Recent estimates suggest that North Korea has amassed approximately $3 billion through a series of ransomware attacks targeting businesses and other cyber-attacks on cryptocurrency trading platforms. These illicit gains are believed to be directed towards supporting Kim Jong Un’s nuclear ambitions.
A UN report, corroborated by Reuters News Agency, indicates that the Democratic People’s Republic of Korea has engaged in the theft of cryptocurrency and proceeds from ransom payments, channeling these funds into the development of its nuclear infrastructure.
Under mounting sanctions from nations like the UK and the USA, the North Korean regime appears to be intensifying its cyber warfare efforts. It is projected to expand its range of attack vectors in order to double its earnings over the next two years, with purported agreements in place with nations led by Putin and Xi Jinping.
In response to these revelations, the UK’s GCHQ arm, NCSC, has issued a cautionary advisory to Western nations, urging them to reinforce their critical infrastructure. Concerns have been raised regarding espionage activities, such as the planting of malware (as seen in the Volt Typhoon campaign) within critical infrastructure components supplied by certain Asian nations, notably China. This infiltration reportedly dates back to 2017, during Boris Johnson’s tenure as Prime Minister.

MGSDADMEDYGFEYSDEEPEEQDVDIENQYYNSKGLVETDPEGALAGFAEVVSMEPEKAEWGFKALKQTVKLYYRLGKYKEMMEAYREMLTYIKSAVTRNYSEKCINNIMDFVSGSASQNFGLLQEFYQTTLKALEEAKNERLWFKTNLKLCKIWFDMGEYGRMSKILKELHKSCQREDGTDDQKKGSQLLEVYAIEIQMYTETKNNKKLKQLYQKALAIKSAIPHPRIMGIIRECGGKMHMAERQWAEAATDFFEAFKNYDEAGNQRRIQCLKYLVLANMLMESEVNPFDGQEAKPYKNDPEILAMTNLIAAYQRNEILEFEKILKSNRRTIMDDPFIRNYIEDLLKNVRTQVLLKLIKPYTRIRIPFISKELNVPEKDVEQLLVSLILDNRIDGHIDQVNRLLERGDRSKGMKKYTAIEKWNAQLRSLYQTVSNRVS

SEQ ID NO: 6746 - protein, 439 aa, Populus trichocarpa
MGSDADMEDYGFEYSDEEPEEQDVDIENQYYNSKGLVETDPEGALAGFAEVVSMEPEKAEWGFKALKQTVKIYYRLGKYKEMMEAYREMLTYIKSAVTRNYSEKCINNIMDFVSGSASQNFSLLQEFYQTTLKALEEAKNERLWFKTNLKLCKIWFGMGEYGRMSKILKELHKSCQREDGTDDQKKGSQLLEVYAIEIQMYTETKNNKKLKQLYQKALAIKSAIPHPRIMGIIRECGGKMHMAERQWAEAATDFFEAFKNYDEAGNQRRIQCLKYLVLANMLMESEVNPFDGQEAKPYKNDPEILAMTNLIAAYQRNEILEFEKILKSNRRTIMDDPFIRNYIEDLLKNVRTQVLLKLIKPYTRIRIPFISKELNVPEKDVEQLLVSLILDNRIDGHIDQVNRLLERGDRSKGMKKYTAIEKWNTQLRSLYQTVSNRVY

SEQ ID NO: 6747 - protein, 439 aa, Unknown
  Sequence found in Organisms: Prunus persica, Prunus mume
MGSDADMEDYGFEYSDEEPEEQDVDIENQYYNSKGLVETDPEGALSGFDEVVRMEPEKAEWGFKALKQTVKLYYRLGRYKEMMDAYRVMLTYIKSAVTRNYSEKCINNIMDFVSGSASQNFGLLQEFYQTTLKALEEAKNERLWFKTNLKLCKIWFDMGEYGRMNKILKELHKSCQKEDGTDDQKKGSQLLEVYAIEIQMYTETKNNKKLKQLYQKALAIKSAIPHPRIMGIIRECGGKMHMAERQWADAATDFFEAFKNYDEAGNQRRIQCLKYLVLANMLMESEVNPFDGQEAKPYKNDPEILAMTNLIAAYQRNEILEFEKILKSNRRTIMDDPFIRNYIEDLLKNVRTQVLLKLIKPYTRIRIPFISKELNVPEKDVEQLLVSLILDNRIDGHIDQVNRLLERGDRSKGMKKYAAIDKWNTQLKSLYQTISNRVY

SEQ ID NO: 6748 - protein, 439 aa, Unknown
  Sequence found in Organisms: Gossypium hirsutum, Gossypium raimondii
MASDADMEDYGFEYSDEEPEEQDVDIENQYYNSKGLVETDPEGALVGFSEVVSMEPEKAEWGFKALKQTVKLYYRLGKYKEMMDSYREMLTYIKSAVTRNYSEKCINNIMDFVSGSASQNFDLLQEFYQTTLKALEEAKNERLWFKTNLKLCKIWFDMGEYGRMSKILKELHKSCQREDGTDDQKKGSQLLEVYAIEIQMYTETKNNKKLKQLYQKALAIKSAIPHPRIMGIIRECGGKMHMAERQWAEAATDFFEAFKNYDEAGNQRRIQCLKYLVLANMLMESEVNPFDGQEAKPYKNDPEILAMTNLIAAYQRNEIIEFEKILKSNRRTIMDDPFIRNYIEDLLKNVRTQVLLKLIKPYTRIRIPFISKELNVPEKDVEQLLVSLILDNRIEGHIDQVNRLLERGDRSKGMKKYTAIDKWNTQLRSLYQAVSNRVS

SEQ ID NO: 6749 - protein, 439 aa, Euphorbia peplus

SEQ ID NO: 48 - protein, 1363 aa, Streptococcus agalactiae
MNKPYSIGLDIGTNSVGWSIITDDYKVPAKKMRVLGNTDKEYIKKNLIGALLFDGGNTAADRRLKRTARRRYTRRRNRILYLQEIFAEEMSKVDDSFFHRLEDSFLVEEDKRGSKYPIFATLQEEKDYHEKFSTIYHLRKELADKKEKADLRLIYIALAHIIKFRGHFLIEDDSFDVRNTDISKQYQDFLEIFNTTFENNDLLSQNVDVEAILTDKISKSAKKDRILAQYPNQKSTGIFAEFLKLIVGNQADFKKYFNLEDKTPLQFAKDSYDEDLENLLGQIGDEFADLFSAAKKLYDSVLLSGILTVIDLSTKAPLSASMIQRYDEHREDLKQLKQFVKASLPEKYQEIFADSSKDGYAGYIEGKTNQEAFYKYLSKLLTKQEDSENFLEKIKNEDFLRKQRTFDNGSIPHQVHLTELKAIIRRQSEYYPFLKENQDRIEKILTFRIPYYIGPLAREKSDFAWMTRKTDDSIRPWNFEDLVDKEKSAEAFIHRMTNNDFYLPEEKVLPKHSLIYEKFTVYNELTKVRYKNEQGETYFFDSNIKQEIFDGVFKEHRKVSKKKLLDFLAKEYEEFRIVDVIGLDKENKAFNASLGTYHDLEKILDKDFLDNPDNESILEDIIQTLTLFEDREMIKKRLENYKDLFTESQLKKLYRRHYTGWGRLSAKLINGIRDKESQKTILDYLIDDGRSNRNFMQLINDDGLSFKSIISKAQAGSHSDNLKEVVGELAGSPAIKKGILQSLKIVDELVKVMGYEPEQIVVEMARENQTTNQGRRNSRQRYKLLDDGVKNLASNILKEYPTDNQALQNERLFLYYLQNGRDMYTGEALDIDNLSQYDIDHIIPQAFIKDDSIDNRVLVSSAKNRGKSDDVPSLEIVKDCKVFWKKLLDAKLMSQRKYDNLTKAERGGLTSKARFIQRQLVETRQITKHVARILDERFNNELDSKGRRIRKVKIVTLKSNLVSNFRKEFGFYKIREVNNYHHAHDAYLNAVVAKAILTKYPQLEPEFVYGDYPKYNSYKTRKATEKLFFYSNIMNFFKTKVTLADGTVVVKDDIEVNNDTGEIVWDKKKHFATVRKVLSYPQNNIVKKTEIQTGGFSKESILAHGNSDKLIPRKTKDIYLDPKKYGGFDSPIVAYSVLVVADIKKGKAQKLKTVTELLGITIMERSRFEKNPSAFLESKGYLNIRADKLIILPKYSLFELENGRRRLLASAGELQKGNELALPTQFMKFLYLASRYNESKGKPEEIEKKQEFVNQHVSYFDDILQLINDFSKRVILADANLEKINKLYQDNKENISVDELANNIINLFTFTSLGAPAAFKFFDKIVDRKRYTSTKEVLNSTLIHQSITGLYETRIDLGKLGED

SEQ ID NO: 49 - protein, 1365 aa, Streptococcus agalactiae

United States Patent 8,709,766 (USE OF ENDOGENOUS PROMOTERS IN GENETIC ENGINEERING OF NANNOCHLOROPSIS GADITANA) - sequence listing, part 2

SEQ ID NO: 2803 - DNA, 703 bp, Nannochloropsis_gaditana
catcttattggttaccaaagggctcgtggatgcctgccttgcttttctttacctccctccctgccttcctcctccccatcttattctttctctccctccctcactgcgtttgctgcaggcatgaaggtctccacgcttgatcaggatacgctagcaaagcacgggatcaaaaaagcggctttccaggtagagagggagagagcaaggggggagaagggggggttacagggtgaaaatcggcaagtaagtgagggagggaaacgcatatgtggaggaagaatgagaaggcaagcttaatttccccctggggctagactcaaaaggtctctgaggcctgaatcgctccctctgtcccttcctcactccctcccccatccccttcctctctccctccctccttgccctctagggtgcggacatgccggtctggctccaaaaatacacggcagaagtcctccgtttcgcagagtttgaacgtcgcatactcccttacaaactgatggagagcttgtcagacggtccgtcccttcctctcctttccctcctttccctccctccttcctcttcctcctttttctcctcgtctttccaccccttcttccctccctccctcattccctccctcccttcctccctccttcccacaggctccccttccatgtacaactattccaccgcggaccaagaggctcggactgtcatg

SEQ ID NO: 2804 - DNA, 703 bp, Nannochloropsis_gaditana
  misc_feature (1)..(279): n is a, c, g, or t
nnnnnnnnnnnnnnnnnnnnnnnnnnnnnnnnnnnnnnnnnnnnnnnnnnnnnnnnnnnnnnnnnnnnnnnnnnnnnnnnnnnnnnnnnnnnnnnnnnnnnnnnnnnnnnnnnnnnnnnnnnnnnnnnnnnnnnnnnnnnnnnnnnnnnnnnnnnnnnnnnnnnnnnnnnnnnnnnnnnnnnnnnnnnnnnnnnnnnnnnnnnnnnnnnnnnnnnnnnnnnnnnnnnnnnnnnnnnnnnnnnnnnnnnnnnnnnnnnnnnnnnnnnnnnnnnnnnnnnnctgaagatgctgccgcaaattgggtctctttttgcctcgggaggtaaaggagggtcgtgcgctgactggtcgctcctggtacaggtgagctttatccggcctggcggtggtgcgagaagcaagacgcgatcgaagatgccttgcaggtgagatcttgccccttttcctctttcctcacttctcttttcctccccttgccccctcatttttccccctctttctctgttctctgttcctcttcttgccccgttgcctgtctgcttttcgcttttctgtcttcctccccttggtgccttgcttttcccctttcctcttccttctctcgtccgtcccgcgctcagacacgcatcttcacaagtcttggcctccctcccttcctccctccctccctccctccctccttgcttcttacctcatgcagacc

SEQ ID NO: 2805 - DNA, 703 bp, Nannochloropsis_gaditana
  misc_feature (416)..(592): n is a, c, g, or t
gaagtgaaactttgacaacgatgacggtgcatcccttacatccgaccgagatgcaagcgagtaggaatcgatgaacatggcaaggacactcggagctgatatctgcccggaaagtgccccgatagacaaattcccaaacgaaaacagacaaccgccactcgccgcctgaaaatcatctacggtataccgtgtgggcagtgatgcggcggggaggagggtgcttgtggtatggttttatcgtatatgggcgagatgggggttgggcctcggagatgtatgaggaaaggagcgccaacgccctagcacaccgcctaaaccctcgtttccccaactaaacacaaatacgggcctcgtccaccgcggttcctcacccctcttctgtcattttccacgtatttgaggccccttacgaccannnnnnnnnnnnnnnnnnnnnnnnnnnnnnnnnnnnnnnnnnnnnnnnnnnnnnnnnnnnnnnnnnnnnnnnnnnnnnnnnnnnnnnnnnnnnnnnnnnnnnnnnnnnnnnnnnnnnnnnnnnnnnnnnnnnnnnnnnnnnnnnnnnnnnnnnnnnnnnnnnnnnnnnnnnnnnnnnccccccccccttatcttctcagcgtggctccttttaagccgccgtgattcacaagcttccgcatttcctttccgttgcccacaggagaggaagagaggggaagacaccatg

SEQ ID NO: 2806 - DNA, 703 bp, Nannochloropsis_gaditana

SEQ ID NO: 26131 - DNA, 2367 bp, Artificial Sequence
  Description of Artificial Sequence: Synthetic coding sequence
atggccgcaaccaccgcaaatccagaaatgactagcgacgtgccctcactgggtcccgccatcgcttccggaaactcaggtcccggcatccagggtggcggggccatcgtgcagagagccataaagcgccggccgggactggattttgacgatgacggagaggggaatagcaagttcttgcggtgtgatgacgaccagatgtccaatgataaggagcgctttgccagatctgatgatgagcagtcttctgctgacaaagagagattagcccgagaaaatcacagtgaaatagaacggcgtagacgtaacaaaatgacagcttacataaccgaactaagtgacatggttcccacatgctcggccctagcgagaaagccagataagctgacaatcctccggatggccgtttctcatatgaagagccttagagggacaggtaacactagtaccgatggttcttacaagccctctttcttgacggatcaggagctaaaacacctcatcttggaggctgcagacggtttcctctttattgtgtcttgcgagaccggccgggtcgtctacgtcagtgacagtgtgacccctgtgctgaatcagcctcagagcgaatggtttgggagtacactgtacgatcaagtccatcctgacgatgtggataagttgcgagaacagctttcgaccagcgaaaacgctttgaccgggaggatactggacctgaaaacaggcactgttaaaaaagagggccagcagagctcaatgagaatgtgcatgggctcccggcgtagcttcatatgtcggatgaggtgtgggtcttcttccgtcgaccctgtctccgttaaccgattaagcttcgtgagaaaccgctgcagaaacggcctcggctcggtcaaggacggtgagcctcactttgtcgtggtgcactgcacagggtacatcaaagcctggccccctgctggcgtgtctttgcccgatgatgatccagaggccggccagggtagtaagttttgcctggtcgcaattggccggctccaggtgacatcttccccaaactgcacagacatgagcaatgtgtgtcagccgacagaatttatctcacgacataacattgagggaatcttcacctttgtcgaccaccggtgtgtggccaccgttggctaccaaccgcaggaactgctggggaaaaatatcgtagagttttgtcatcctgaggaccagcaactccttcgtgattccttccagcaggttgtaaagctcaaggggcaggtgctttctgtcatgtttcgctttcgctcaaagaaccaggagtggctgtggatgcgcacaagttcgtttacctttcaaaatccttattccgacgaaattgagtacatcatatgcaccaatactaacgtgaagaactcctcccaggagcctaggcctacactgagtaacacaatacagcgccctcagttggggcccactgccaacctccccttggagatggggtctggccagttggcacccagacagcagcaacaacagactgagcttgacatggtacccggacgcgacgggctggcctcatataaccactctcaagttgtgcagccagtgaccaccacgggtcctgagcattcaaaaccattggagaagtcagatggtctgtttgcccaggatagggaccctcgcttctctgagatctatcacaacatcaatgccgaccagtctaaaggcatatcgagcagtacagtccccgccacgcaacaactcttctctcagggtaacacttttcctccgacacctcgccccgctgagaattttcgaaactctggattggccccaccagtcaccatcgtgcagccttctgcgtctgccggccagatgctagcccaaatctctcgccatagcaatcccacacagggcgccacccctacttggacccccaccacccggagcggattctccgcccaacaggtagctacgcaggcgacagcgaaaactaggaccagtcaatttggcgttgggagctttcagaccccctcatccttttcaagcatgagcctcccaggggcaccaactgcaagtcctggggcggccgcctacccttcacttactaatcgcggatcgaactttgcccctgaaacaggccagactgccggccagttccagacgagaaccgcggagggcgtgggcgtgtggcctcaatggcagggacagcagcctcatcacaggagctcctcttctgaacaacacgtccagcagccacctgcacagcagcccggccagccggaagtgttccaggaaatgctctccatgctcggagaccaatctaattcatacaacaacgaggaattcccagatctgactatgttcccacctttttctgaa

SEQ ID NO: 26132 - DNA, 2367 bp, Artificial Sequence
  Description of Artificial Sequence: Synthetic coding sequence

Additionally, the US law enforcement, under the leadership of President Joe Biden, has intensified its pursuit of the Hive Ransomware group. The State Department has recently announced a formal reward of up to $10 million for individuals providing actionable intelligence on key leaders associated with the Hive Ransomware operations.
Although the FBI had partially dismantled Hive’s computer network in July 2022, the criminal group managed to resume its activities from October 2023 on-wards, targeting victims across more than 80 countries. The FBI aims to disrupt these operations and is offering substantial rewards for information leading to the apprehension of the perpetrators, ensuring anonymity and confidentiality for informants.
In a separate development, Hyundai Motors Europe has fallen prey to the BlackBasta Ransomware group. Reports indicate that the attack occurred in January of this year, marking a disturbing trend for the automotive giant. This isn’t the first time Hyundai has faced such a threat; back in April 2023, the company endured a similar incident when a notorious criminal gang claimed responsibility for a hack involving spyware. Further details regarding the recent cyber-attack on Hyundai’s operations are expected to emerge soon, shedding light on the extent of the breach and its potential impacts.